Wednesday, March 19, 2008

The Bongos - Numbers With Wings / Beat Hotel

Way back in 1983, I was a young disc jockey at KSPC FM in Los Angeles. A great time to be in the industry, music was changing back then more than at any other time before or since. Not just bands, but whole new genres emerged overnight; The New Romantics, Synth pop, Gloom and Doom, Gothic, Post-punk funk, LA punk, the Athens sound, Power pop, Rockabilly, Cow punk. It was endless, the variety, the choices, the styles.

So what was a young DJ to do? Being the owner of the prime-time slot on Saturday night, my job was to warm up the party hounds before they hit the road (hopefully not literally) and partied it on til dawn. Get the revelers revved, but not burned. There was only one problem. I couldn't find my vibe. Sure, I liked lots of the tunes coming out at the time, but I wasn't a fan of the overproduced synth stuff, hardcore made my ears hurt and frankly, nobody has ever partied to an R.E.M. record. No, I was a DJ in search of a sound. I needed a mojo.

And the Bongos came to the rescue.

Coming on the heals of their debut collection of singles, Drums Along the Hudson, their new EP Numbers with Wings arrived just in time. Combining the urgency of their prior singles with a lusher production and the benefit of second guitarist James Maestro, The Bongos made a quantum leap forward in terms of craft and musicianship.

From the very first moments of the first track, "Numbers With Wings," its apparent that we're listening to something special. As the muted guitar synth gives way to a driving beat, highlighted by the passionately strummed acoustic guitars, Richard Barone's gorgeous tenor lilts across the melody. This is impeccably crafted pop, beyond the league of nearly every other band of its time or since. The instruments layer effortlessly onto each other, guitar notes here, a rolling bass line there. The result is timeless, a sumptuous transportation of listener into a lush magical land. Guitar pop nirvana.

At his best, Richard Barone always had this ability. Barone's melodies are so sweet, they're like a confection, dipped in honey, dripping in sugar. Never bubblegum or saccharine, Barone's greatest talent is his ability to take this perfect melody and marry it to that essential beat, that exquisite guitar chord, that driving passion. Like Michaelangelo's Sistine Chapel, when it all comes together, it can take your breath away.

Whereas on Drums Along The Hudson, the Bongos concentrated on short, punchy songs, brimming with melody, but driven by an undercurrent of quirky time structures and lyrics, here, the band take their time and allow the songs to unfold leisurely, losing themselves entirely in the beauty of the melody. And beautiful it is. Take one listen to "Tiger Nights," and I defy you to find a more beautiful melody anywhere. Now, add to that the fact that the crystal-clear guitars are chiming over a beat full of life and energy, one that can energize a listener, and this DJ suddenly found his mojo.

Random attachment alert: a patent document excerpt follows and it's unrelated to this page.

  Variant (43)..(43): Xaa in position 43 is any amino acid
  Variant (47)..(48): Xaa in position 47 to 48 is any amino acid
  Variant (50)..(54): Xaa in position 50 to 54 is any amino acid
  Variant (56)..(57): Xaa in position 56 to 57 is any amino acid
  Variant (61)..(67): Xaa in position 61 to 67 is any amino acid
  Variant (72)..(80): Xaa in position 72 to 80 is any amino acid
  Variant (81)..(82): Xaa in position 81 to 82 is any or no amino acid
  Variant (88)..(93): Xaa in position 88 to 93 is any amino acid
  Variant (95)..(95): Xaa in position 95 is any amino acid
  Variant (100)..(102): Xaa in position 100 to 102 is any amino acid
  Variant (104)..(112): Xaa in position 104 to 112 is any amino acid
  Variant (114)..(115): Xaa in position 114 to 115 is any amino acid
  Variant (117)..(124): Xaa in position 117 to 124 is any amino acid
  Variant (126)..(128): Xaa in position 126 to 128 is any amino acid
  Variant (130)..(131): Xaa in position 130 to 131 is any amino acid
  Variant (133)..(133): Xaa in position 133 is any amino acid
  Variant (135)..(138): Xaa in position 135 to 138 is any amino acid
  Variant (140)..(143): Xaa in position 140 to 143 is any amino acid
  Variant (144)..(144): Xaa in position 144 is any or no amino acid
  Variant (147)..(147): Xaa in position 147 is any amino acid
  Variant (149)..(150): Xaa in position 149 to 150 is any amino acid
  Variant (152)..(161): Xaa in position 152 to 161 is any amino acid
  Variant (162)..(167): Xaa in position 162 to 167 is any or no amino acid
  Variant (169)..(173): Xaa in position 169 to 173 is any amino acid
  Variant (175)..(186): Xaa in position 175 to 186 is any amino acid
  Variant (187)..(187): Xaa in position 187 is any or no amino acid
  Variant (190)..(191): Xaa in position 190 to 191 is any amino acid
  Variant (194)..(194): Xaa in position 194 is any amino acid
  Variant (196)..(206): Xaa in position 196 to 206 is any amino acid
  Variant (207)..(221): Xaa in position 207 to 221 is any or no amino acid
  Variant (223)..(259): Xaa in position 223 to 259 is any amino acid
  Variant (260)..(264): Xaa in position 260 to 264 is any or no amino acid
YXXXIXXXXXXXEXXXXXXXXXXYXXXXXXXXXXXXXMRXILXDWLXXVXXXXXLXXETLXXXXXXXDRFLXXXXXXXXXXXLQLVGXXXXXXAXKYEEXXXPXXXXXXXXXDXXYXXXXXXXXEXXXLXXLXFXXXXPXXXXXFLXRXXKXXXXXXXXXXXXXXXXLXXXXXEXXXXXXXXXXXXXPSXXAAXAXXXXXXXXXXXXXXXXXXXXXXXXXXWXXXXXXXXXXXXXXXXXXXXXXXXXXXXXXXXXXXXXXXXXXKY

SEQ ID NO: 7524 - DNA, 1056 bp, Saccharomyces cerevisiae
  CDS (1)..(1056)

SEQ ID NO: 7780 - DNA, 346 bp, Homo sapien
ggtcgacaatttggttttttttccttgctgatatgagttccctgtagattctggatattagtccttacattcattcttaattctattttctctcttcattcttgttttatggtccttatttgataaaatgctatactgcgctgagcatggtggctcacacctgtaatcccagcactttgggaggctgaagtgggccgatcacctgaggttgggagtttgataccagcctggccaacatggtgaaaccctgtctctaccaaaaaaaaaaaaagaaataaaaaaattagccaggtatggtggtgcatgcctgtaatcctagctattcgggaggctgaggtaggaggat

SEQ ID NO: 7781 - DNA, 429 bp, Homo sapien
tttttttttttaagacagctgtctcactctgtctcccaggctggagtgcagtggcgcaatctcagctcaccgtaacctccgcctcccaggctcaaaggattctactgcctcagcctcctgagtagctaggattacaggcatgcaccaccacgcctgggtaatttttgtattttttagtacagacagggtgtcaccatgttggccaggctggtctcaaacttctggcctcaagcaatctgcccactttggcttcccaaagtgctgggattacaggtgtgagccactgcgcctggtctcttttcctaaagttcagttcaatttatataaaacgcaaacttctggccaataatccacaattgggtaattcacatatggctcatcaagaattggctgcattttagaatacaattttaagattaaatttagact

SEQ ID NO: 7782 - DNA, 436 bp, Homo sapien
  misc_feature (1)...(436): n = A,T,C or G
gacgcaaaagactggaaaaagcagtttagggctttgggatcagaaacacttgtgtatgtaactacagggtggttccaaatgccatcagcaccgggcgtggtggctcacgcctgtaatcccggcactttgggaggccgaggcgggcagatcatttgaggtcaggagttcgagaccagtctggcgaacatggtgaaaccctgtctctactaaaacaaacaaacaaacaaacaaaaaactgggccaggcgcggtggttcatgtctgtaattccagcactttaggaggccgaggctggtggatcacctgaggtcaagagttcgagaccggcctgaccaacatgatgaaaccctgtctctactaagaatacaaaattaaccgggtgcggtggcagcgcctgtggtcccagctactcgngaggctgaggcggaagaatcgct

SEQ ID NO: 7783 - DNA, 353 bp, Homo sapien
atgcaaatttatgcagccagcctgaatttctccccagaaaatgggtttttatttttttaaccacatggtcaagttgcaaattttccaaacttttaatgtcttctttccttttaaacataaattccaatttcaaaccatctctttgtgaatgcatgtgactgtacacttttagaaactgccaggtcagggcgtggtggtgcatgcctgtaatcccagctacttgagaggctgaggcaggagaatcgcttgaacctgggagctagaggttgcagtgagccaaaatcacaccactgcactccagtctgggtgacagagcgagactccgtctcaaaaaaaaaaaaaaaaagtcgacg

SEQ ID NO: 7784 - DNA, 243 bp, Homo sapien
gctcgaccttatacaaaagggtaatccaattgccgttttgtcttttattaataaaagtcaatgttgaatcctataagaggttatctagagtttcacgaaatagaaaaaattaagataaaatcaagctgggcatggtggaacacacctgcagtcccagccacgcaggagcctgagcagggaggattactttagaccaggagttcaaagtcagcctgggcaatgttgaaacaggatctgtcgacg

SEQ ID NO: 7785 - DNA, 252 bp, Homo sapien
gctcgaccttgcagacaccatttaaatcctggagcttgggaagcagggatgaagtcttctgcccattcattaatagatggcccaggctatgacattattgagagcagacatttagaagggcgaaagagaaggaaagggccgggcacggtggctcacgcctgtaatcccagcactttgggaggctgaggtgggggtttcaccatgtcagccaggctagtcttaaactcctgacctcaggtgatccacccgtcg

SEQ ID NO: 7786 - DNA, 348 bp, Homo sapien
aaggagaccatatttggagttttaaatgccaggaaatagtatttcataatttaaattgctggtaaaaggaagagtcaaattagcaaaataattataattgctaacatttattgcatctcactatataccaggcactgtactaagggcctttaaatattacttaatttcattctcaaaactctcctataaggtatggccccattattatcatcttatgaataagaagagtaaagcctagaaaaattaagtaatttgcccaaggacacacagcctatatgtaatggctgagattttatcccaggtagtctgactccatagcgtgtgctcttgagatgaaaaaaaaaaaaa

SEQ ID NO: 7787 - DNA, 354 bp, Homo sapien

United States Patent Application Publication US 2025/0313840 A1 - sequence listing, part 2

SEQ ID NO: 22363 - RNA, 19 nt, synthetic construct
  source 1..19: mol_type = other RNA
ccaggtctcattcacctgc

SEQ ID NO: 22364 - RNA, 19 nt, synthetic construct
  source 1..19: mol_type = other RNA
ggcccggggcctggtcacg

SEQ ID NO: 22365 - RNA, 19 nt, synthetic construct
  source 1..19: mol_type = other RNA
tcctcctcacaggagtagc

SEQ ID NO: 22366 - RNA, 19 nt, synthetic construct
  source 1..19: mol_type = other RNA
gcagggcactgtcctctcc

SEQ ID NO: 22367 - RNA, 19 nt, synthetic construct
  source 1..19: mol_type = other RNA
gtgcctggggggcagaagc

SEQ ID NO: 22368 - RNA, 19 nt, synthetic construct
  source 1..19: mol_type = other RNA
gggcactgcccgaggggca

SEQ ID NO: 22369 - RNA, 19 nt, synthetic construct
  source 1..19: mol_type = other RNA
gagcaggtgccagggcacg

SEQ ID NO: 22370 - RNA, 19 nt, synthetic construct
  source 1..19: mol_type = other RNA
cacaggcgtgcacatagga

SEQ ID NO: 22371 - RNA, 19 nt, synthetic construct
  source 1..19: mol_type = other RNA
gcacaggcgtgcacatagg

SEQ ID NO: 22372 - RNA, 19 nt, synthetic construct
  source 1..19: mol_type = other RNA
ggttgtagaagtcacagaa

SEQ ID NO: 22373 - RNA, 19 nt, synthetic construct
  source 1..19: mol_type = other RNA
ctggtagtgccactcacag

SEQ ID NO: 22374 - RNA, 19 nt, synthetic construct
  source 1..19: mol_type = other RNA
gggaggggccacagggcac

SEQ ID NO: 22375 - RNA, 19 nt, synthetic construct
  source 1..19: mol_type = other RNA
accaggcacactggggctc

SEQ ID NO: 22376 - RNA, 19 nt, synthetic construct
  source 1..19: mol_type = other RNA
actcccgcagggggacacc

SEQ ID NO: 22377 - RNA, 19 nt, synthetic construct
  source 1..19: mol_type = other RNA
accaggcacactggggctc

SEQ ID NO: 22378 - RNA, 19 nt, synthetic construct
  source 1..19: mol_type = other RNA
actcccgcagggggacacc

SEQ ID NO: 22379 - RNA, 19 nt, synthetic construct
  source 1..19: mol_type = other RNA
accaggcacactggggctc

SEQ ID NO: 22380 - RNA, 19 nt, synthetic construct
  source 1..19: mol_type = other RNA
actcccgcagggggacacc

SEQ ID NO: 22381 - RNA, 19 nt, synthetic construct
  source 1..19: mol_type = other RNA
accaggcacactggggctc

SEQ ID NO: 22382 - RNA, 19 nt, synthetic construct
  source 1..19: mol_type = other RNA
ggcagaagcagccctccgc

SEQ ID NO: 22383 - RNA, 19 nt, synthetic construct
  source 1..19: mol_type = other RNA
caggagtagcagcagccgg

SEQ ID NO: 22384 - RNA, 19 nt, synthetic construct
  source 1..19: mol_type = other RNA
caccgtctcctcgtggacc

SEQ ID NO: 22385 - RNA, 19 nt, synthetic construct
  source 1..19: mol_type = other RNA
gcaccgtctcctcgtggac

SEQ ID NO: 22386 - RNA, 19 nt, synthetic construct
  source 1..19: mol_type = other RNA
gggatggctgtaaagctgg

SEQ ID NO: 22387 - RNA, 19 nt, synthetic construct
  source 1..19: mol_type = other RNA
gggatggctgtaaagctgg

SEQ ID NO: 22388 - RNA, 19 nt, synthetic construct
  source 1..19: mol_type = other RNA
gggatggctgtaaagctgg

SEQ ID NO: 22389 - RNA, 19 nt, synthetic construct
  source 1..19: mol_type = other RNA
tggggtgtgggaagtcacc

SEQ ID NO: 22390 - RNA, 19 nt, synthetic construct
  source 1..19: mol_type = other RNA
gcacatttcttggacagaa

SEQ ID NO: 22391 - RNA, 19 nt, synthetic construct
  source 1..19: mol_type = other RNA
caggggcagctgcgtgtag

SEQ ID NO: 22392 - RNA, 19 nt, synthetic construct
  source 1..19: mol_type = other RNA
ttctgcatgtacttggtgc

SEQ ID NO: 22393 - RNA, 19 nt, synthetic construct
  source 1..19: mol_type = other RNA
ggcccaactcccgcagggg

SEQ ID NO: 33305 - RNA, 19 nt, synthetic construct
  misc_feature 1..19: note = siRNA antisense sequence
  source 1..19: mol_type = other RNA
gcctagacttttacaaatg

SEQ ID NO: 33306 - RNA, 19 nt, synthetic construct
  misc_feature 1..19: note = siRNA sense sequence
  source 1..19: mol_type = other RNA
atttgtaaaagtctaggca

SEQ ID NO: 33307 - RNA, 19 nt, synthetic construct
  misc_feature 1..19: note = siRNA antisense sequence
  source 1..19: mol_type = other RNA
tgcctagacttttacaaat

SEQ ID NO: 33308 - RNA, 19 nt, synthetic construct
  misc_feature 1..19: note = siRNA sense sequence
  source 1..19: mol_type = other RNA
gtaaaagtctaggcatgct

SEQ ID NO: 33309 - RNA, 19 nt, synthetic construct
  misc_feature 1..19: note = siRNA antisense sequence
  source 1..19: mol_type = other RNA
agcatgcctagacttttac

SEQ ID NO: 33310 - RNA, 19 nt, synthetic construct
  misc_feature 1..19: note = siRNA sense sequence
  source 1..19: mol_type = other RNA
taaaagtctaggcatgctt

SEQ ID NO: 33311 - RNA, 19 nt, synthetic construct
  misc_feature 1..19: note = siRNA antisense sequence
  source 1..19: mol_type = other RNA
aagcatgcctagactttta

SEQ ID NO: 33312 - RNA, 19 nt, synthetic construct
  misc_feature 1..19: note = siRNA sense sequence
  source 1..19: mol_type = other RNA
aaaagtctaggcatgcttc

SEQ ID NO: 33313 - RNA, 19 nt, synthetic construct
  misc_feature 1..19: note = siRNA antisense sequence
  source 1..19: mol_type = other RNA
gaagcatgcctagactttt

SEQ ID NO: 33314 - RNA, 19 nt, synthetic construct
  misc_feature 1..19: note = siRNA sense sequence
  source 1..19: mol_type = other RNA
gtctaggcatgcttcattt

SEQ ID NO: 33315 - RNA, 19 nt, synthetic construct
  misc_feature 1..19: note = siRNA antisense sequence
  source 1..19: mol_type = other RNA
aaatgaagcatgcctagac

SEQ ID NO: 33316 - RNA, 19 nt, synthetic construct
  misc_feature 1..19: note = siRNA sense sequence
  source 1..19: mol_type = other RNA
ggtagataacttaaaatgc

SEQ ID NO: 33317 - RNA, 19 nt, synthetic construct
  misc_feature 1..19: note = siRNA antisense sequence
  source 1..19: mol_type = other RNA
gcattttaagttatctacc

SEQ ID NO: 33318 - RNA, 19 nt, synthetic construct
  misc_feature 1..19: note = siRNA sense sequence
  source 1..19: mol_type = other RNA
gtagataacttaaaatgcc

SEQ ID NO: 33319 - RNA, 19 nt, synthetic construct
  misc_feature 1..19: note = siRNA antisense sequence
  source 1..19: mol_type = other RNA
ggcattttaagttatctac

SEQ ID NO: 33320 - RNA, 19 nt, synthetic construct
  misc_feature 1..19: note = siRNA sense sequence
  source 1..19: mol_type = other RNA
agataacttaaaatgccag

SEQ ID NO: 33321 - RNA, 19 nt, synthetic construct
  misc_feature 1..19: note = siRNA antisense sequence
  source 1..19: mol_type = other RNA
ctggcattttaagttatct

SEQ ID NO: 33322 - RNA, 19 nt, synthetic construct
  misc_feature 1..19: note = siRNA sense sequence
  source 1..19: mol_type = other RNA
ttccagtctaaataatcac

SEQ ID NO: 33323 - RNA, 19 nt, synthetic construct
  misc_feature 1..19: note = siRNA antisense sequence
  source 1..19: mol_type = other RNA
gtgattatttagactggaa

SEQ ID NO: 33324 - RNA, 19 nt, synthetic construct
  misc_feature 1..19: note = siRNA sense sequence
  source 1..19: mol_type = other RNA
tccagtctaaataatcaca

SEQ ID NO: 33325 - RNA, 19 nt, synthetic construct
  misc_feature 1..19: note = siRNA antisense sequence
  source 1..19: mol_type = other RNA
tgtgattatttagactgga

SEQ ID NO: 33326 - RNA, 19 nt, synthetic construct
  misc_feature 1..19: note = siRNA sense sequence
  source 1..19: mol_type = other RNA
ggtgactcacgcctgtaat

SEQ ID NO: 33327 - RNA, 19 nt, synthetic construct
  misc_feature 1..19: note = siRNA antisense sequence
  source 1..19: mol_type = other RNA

"Barbarella" keeps things moving briskly, pounding out after one of the most perfect drum beat intro's since the Knack's "My Sharonna." And just when you begin to think that the extra production may have stripped away a touch of the quirky spontaneity that made Hudson so special, the strumming guitars give way to a funky tribal break, drums pounding, Barone's vocals calling in hoots and emotive fits. "Skydiving," oozes out next, percolating over a dynamite funky bass line by Rob Norris, underscored by bongo percussion. A guitar chord. A single note. Shimmering. Glistening. Another triumph in melody and dynamics. "My Sweet Blue Cage," the final song on the Numbers with Wings EP, is pure honey. There's no other way to describe it. Achingly delicious.

Just the five songs of Numbers With Wings should be enough to entice any lover of perfectly crafted power pop to plunk down their hard earned dollars, but add to that the inclusion of The Bongos only real full-length album, Beat Hotel, and it's an embarrassment of riches. For some reason, Beat Hotel at the time didn't seem to generate the vibe it deserved. Perhaps it was the band's return to slightly shorter, punchier compositions that left behind the lovers of the Numbers EP. But, give it another listen. What Numbers had in atmosphere, Beat Hotel has in energy. And underneath it all is that damn perfect Barone melody.

"Space Jungle," launches off as fast and furious as any power-pop of the time, easily on par with the best of the Plimsouls. "Apache Dancing," brings in that Bongos percussion, off-time signatures and a soaring chorus. "Brave New World," steps out as the true successor to Numbers. "A Story (Written in the Sky)" chimes and weaves like the best of the Athens pop. And "Come Back to Me," is simply perfect. In retrospect, Beat Hotel is the faultless union of the quirky themes explored on Hudson fused with the more mature craft of Numbers.

The two-fer CD released by Razor and Tie can still be found without too much digging, but now both albums have finally been added to itunes. Check it out. If you got a thing for that perfect guitar pop sound, you won't be disappointed.

In fact, it just may be the mojo you've been searching for.


Buy here: Beat Hotel/Numbers with Wings

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